When repeating my wedding vows, I can’t for the life of me recall saying: “I take this kitchen to be my wedded responsibility till death do us part,” but evidently it was hidden and included in those vows somewhere, because I spend the majority of my waking hours in the kitchen. I do believe when the good Lord calls me home, I’m going to have to ask for a time-out so I can finish cooking dinner before I leave.
While not actually living in the kitchen, it sure seems that way, what with planning menus, shopping for groceries, cooking and cleaning up afterward — the dreaded KP duty. In my kitchen, the dishwasher is named “Me, Myself & I.” You guessed it — I have no automatic dishwasher.
But on to the cooking. There is a choice of plans to choose from: Either plan your menu ahead or act on the spur-of-the-moment.
If the menu is planned in advance, food items in the freezer have to be taken out earlier in the day to thaw normally or be defrosted in the microwave. Then there’s another decision. Do I use the Crock Pot overnight to tenderize the meat or wait and use the pressure cooker for 45 minutes prior to the meal?
Never miss a local story.
If you choose the act-on-the-spur-of-the-moment option, you scurry around like a crazy person or open your refrigerator or freezer, check out the accumulated, labeled leftover food items, choose a meat with a couple of sides, pop it all in the microwave and, voila, you have what’s called a “second-time-around” meal, one of my favorites.
Of course before any of these meals are prepared, you have to make your list, travel to the grocery store, find the items, place them in the cart, proceed to register, take the items out of cart to be scanned, carry the bags to the car, unload them, carry the bags inside when you get home, unpack the bags, put food away, take a Tylenol, kick off your shoes and have a rest. Which leads me to believe that the average housewife is overworked and underpaid.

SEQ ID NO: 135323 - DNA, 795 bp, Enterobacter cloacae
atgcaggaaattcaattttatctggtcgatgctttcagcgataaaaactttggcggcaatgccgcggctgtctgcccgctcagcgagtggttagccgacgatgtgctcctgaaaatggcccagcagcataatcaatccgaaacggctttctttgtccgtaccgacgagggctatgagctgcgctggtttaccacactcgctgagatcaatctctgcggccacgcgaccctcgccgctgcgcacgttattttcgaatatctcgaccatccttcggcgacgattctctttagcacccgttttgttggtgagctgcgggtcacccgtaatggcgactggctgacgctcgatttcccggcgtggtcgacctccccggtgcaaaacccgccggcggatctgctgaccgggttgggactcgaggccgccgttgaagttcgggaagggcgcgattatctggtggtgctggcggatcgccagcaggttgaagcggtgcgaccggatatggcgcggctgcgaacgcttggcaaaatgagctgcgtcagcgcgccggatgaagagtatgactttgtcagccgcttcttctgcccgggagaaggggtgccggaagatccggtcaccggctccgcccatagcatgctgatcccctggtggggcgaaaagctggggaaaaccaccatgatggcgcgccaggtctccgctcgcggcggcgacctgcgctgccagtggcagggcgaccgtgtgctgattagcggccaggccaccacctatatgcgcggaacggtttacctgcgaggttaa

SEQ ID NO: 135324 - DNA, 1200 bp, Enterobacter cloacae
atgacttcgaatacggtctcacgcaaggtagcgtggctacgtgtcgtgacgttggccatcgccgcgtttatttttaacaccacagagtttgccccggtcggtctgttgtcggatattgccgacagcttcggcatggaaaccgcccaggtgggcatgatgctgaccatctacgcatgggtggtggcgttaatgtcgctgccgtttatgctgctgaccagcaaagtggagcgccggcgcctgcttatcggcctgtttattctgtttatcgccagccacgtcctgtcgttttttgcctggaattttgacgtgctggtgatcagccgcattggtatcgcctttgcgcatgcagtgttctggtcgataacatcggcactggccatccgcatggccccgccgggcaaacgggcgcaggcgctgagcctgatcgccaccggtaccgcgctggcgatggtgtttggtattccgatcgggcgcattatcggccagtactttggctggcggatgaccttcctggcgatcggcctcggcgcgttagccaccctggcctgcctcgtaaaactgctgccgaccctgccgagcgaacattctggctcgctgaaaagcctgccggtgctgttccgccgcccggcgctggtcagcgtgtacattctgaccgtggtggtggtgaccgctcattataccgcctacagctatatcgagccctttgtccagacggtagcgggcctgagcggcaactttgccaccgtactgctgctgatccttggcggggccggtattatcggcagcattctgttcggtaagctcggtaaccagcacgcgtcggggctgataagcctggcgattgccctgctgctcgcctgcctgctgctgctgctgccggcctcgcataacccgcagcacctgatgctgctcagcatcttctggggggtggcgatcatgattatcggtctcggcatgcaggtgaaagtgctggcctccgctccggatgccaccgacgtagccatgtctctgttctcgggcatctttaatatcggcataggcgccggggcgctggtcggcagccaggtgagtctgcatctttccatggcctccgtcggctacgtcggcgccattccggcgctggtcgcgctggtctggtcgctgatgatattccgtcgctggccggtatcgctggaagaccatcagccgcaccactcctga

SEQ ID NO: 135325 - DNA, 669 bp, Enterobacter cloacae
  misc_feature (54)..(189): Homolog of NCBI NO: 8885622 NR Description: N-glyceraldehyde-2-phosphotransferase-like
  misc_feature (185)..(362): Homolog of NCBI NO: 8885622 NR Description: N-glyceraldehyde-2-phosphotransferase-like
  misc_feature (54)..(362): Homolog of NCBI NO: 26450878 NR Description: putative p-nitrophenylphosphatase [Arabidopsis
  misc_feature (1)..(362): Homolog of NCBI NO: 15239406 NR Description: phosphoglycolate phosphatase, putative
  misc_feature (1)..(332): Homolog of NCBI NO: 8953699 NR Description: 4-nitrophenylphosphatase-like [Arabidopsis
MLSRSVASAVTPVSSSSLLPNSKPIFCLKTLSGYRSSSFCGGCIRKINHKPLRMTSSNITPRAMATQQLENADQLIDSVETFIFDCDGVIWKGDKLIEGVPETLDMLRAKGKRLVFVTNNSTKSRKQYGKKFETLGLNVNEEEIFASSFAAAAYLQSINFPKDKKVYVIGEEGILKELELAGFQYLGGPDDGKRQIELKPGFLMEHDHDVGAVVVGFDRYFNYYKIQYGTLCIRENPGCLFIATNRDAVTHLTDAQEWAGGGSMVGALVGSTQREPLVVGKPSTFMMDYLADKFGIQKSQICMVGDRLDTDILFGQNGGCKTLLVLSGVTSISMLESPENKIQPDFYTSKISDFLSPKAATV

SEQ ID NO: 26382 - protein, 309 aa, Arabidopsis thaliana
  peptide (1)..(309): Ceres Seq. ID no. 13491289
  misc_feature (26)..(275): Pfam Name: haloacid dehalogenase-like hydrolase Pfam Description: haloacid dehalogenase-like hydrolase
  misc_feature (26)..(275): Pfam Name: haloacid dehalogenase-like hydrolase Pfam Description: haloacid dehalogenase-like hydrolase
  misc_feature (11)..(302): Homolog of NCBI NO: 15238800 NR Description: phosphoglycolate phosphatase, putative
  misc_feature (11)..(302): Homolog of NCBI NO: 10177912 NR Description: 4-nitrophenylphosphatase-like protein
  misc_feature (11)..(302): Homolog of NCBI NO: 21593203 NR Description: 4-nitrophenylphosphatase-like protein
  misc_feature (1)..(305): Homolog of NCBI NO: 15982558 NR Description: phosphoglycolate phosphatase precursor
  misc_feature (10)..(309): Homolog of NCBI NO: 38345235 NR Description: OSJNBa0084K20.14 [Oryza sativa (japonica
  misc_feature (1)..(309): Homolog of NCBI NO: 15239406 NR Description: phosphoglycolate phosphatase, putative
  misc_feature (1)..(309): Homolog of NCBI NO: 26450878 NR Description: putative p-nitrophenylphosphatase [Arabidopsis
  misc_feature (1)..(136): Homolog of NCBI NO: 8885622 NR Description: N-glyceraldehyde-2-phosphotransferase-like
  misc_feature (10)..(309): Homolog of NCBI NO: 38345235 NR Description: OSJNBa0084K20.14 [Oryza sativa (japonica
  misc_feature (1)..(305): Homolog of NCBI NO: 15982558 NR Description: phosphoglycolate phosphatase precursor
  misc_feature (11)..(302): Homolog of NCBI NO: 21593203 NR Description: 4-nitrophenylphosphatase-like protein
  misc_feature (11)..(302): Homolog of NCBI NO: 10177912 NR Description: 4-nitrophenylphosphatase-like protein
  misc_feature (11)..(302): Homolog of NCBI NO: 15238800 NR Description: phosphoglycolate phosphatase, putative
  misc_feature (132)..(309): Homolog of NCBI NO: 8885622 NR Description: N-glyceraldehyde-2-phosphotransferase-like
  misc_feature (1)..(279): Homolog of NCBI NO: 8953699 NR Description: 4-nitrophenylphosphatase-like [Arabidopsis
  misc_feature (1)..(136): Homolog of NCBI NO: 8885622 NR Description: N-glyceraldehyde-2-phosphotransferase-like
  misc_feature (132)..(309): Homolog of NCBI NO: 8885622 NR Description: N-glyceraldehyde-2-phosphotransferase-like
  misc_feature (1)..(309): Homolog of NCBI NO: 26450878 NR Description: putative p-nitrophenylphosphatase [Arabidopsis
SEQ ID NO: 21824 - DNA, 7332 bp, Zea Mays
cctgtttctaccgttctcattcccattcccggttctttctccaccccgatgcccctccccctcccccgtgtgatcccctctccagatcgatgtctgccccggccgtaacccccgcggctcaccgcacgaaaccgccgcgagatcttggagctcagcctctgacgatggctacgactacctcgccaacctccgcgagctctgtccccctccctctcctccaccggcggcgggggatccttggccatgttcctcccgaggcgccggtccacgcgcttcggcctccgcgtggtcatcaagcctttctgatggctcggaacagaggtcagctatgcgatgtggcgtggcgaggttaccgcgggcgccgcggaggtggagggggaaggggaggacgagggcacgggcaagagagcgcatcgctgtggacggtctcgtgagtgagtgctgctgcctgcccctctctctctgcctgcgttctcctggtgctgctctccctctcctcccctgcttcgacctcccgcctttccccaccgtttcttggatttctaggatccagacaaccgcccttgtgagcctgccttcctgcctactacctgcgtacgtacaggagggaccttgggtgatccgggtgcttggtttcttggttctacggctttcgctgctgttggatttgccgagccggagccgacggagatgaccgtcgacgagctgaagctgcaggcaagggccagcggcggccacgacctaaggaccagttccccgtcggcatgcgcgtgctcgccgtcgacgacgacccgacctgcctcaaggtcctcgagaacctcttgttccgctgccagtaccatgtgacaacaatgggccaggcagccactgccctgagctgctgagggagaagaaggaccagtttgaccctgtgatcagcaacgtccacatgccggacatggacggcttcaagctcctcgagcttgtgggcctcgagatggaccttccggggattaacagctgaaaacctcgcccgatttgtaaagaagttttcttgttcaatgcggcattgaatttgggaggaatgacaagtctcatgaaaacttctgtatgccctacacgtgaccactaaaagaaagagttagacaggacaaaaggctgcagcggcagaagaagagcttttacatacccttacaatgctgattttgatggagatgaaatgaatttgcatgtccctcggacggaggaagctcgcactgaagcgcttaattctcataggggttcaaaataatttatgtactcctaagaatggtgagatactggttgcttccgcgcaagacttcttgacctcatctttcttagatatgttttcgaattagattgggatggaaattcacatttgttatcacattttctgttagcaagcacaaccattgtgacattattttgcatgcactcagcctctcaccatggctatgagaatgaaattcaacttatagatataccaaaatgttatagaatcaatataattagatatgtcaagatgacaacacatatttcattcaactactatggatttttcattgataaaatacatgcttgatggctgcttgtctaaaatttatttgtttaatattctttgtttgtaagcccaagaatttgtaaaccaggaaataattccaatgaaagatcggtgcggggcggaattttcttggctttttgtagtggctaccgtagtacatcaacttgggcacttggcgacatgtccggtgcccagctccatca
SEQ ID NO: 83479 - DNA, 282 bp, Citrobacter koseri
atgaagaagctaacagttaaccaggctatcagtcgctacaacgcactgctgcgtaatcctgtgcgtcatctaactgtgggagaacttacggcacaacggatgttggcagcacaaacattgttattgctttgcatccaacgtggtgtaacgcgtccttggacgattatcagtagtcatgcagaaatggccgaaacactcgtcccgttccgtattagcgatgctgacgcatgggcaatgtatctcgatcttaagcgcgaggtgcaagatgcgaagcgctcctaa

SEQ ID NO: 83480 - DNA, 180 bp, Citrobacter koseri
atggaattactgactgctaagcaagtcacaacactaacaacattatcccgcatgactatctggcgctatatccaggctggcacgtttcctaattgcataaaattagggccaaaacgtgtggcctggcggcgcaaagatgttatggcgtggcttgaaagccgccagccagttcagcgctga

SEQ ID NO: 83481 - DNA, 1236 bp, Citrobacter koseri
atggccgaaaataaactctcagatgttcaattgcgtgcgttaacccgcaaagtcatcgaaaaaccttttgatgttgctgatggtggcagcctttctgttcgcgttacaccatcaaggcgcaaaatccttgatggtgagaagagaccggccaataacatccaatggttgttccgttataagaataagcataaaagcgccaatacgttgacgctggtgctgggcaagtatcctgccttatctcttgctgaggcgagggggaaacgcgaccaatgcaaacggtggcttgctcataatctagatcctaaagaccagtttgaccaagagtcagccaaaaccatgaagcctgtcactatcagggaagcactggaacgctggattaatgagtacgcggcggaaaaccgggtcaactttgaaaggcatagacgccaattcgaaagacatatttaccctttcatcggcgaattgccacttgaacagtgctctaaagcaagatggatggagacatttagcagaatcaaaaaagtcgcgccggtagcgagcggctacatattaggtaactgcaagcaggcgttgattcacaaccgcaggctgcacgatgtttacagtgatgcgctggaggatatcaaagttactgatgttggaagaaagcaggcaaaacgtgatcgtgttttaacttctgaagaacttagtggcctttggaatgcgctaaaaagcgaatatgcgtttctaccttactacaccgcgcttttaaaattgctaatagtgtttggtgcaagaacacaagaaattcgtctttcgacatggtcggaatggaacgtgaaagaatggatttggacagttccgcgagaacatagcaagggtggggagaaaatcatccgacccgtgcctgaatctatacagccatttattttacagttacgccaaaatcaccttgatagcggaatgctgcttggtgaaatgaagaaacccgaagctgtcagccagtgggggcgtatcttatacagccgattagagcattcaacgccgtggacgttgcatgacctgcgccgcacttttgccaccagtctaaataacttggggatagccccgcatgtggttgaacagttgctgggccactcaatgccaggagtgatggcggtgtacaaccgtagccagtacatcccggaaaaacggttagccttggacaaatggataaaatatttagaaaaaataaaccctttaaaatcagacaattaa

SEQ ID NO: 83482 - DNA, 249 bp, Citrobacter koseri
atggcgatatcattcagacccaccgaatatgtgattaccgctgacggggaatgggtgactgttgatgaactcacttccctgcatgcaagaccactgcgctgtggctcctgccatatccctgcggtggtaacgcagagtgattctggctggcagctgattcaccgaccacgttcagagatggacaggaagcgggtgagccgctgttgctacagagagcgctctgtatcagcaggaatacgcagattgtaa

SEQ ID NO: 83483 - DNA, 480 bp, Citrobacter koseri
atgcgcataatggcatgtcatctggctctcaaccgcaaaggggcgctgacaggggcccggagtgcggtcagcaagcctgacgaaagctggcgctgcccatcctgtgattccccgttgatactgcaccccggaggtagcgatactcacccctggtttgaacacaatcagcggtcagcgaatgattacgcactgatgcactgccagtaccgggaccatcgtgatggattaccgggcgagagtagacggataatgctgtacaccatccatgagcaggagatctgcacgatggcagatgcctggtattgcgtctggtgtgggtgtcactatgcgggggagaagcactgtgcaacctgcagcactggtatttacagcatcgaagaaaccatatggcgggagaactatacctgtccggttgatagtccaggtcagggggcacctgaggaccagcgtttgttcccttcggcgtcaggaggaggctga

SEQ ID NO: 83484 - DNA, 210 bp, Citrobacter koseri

I realize that now, generations from when I married, couples actually share household and kitchen duties. Wow! That is so cool. Many men today know where the bread aisle is at the supermarket and know what section to find the milk and eggs. They, including my sons and grandsons, can actually cook for themselves and survive. I say, “Praise the Lord and pass the ammunition.”
My husband, though, cannot cook and proved it when he and his brother-in-law returned home after a fishing trip one day to an empty house and with empty and hungry stomachs to match. He decided to cook up a pot of grits, which came out so hard they couldn’t cut them with a knife. Thank goodness for a can opener and a can of pork and beans or they would still have been hungry.
Having married at a young age and learning how to cook at the knee of my mother and my mother-in-law, I could always cook big meals for a crowd, whether it be raising three sons with big appetites or at family gatherings with all the in-laws and out-laws. My cooking habits haven’t changed over the years, which means I always have food left over from a meal that is labeled and placed in the freezer. These containers come in really handy when grown sons pop in from a fishing trip with their buddies or just for one of those lazy “second-time-around” meals.
It makes for a walk in the park — or in this case, the kitchen — and gives the cook a day off.
Contributor Jean Tanner is a lifetime rural resident of the Bluffton area and can be reached at firstname.lastname@example.org.